I’ve been making music, playing games, writing games, programming tools, and writing stories since I realized I could. Not all at the same time. For years it was music, then games and music, and now writing. For a while, I feared myself a creative dilettante. I assure myself that music is something I can get back to. I tell myself I’ve made some interesting music already whether I do go back to it or not. I don’t need an identity as ‘a composer’ or ‘a writer’ because I have already made music and written some stories and they have made me and a few others feel things. I still get neurotic about it, though.
Out of morbid curiosity, I skimmed some articles about ‘creative people.’ There’s lots of contradictory information about what makes such people different. Here’s my generalization:
Creative people will go mad if they try to suppress the urge to make something. The things they make are motivated from some internal wonkiness that creates chum that they have to vomit up. Some of this can be shaped into things that they will share with the world. The majority will not.
I think creativity is on a sliding scale rather than having a binary value. Some people must spend hours each day doing their thing, and some can do it a few times a week or month. My creative output and hours are partially dictated by my energy, as I work full-time and don’t have the energy to do more than one thing at once. The flesh is weak, and that drags down the heart.
How long will I continue this spate of writing? I could lose interest or end up doing music or games with my limited time instead. I don’t know. I’ll ride it for all it is worth and see what comes together. I’m happy I took it up in January. Whatever happens, I’ll keep reading and reviewing. My consumption and urge to give back is a given.
Like many people, I look at a lot of websites and consume a great deal of content. On a typical day, I visit most of the following:
- ESPN and ESPN FC (soccer) for headlines about baseball, soccer, tennis, and Olympic sports. Most days this doesn’t take too much time unless something like the Women’s World Cup is going on. Then I read every single article, even ones about Thailand games. I don’t know who any of those Thai ladies are but I find them inspiring.
- The Replacement Level Yankees Weblog, for sabermetric data and Yankees talk. Did you know that baseball has numbers that are statistically significant and that Nate Silver started his projections with baseball? I am terrible at ProbStat myself but love to see the science and methodology behind all these projections.
- RPGamer for news on upcoming and current role-playing video games.
- Shopping websites for clothing sales. This can take two minutes or longer if I’m being picky about new socks or pajamas.
- The New York Times, which I’ve subscribed to for years and is still my major news curator. I’m told this makes me old-fashioned.
- SPL Overdrive, the Seattle Public Library’s ebook-lending engine. How close am I to items I have on hold? What’s new this week?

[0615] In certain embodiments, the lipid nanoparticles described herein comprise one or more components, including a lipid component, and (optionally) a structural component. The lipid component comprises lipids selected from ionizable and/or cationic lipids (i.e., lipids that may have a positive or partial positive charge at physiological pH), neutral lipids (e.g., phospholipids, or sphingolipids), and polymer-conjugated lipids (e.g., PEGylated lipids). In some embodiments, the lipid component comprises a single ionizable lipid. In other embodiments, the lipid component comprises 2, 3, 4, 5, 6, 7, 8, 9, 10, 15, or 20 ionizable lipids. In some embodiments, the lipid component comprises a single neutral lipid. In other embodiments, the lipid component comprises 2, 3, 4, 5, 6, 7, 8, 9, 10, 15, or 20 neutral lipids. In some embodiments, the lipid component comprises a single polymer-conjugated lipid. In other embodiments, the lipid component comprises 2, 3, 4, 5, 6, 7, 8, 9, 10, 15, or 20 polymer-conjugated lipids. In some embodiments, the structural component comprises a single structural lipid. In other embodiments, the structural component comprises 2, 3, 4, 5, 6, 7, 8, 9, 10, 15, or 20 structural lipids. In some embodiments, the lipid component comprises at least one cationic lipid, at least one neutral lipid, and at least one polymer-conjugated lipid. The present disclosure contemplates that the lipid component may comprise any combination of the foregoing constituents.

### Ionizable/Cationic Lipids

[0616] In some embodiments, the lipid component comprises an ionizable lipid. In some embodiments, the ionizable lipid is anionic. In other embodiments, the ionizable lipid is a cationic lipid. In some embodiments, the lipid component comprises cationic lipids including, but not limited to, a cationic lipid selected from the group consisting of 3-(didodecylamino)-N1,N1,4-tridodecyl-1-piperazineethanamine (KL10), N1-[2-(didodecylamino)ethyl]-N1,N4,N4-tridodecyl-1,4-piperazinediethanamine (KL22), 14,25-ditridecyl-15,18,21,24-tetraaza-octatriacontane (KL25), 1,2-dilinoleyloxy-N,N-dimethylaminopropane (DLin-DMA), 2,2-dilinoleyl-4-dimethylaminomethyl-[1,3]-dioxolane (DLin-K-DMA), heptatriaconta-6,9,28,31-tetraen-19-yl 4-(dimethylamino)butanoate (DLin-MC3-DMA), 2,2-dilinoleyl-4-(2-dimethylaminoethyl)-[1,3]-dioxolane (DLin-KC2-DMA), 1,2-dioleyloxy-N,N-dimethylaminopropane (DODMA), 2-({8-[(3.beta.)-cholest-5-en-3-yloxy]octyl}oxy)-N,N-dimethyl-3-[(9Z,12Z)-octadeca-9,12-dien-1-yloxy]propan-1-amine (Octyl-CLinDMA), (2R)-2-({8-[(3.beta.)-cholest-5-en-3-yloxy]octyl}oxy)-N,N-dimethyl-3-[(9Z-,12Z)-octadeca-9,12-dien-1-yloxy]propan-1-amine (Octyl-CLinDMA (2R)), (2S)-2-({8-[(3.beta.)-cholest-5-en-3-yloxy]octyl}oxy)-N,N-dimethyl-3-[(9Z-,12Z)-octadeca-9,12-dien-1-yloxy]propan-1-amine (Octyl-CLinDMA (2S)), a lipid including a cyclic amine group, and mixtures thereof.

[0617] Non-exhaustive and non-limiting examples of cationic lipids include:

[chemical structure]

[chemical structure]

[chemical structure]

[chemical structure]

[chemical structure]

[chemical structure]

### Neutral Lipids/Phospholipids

- Facebook if my brother, a community I follow, or a few close friends have posted something.
- My feedbin. This is the biggest time suck of all. I have a ton of clothing blogs, Cliff Mass’s weather blog, many writers’ blogs on their books and on writing, and some blogs of personal friends.
That’s just the web content I consume. Add some video games, a ton of music, and plenty of books, and I feel like a giant ravening maw that I shove stuff into. So many wonderful things, so little time and energy, especially because I work full time as a computer programmer. The desire to consume wars with the desire to create. If I am not making things up, just consuming them, I am unsatisfied. I can make web applications, I can write words, I can try to write music, I can work on creating roleplaying games. Which one I do is a daily question. I’m on a writing fiction kick right now, with a little bit of roleplaying games.
Tan Tan Bo, by Takashi Murakami (2001) is one way I try to explain my creative urge and process.
I’ve been trying to devote about an hour on weekdays to creation. Weekends are variable, because sometimes I’m not in town or am doing tons of social things. I’m still working on balancing creation and consumption and subcategories of both. Left unchecked, I binge on one or the other and end up feeling empty or uninspired. Perhaps someday I can expand the hours I can create things in.
My relationship with social media confuses me. I signed up for Facebook in college and now use it to look at pictures of my friends’ cats, see where people I’ve lost touch with are living and who they are loving. I ‘follow’ four people’s feeds: my brother’s, my best friend from childhood/adoptive sister’s, a close friend from college/former boss, and a friend who is local to me but posts good things about baseball, cats, and Hawai’i. I have twitter and tweet once a year in a twittish fashion, I follow plenty of people but only consistently read Devin Townsend’s posts. I use Google Plus to keep updated on my gaming acquaintances and friends from the Boston area. I keep a LiveJournal for my parents and some old friends and as a chronicle of my mundane life.
I’ve blogged for over two years about underwear engineering and construction. I still don’t really know how to write prose. I thought I would write about my vomit slime generating algorithms.
Last night I dreamed of a live-action role-playing game in which I played a fellow named Jack who had gotten lost in a space warp jump and landed in a galaxy a few parsecs off. People had Major Arcana but Jack didn’t have one either yet or at all. There may have been an Olympic coordinated gymnastics event somewhere in there, as well as some swimming races in lanes on top of an eight-story building. Or that might have been another dream. I love art and music and creative things. I also love you, though you terrify me.